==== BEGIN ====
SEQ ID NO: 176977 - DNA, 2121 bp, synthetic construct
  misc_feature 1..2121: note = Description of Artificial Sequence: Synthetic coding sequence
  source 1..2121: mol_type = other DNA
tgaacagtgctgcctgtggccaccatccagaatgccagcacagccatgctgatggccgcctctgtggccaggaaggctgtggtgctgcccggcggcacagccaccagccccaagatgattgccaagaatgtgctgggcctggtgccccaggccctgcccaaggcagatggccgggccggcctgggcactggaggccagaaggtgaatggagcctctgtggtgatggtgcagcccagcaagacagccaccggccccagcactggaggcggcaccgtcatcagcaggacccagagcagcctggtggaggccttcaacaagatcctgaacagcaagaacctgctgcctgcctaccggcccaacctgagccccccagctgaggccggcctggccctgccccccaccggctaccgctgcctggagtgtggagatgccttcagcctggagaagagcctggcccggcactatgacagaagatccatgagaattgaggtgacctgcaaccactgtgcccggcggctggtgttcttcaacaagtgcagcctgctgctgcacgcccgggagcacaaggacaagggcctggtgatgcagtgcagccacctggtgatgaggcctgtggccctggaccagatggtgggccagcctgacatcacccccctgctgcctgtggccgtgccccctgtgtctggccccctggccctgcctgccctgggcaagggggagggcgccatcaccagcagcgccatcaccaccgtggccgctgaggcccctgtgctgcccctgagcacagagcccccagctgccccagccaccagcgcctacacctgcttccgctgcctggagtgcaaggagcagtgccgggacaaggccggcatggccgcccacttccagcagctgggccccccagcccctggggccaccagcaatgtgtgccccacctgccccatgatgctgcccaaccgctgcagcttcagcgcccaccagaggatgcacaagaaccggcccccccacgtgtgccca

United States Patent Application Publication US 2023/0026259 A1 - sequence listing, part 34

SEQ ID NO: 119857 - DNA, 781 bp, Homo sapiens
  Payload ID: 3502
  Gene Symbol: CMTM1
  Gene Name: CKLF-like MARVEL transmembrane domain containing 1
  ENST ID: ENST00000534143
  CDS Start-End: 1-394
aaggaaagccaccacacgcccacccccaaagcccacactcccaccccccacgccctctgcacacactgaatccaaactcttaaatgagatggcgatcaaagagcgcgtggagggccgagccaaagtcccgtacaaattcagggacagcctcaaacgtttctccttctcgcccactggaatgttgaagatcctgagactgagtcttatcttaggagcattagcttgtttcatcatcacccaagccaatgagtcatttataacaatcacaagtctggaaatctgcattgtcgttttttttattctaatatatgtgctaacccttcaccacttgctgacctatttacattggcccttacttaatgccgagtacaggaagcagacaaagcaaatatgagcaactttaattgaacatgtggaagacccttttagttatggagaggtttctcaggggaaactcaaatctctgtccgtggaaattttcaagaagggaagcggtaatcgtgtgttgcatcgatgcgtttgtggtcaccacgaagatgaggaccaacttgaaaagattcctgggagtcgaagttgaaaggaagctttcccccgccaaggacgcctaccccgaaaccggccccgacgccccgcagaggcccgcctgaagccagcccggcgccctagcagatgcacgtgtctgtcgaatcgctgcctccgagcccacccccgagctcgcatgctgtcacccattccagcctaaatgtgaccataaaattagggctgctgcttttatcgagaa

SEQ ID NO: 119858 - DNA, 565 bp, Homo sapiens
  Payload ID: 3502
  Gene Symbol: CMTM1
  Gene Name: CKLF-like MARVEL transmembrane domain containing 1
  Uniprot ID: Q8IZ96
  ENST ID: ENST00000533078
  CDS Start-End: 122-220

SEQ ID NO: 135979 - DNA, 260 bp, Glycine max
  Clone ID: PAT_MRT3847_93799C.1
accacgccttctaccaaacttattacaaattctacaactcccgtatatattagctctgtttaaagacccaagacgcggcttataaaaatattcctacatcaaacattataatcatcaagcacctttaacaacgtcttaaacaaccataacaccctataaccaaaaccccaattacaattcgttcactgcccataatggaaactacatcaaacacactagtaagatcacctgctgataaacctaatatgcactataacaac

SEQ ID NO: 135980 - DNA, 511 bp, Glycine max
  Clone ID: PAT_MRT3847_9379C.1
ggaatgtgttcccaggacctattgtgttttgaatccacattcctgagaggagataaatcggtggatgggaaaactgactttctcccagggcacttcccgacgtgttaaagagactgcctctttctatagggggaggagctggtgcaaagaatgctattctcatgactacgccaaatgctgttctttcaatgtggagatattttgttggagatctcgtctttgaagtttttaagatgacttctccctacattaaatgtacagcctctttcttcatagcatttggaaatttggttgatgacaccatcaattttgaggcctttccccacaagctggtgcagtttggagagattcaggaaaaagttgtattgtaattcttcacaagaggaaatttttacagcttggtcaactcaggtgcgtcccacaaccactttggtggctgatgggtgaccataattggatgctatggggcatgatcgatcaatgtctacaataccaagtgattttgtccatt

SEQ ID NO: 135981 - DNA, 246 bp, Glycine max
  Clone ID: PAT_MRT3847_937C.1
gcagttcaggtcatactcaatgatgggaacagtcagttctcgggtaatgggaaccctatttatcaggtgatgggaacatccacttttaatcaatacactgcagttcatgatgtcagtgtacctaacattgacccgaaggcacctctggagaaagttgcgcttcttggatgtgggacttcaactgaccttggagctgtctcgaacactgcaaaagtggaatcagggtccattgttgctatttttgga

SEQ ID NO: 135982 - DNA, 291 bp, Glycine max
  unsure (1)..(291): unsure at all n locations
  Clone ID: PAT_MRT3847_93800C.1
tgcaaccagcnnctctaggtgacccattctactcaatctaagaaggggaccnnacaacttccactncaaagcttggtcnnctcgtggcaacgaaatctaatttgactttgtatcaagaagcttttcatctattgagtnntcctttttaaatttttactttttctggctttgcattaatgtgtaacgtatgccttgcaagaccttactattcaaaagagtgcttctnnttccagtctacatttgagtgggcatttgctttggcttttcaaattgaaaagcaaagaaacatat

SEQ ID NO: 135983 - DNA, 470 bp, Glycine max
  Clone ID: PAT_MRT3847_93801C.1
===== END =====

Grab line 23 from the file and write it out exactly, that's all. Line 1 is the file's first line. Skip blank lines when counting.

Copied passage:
SEQ ID NO: 135980 - DNA, 511 bp, Glycine max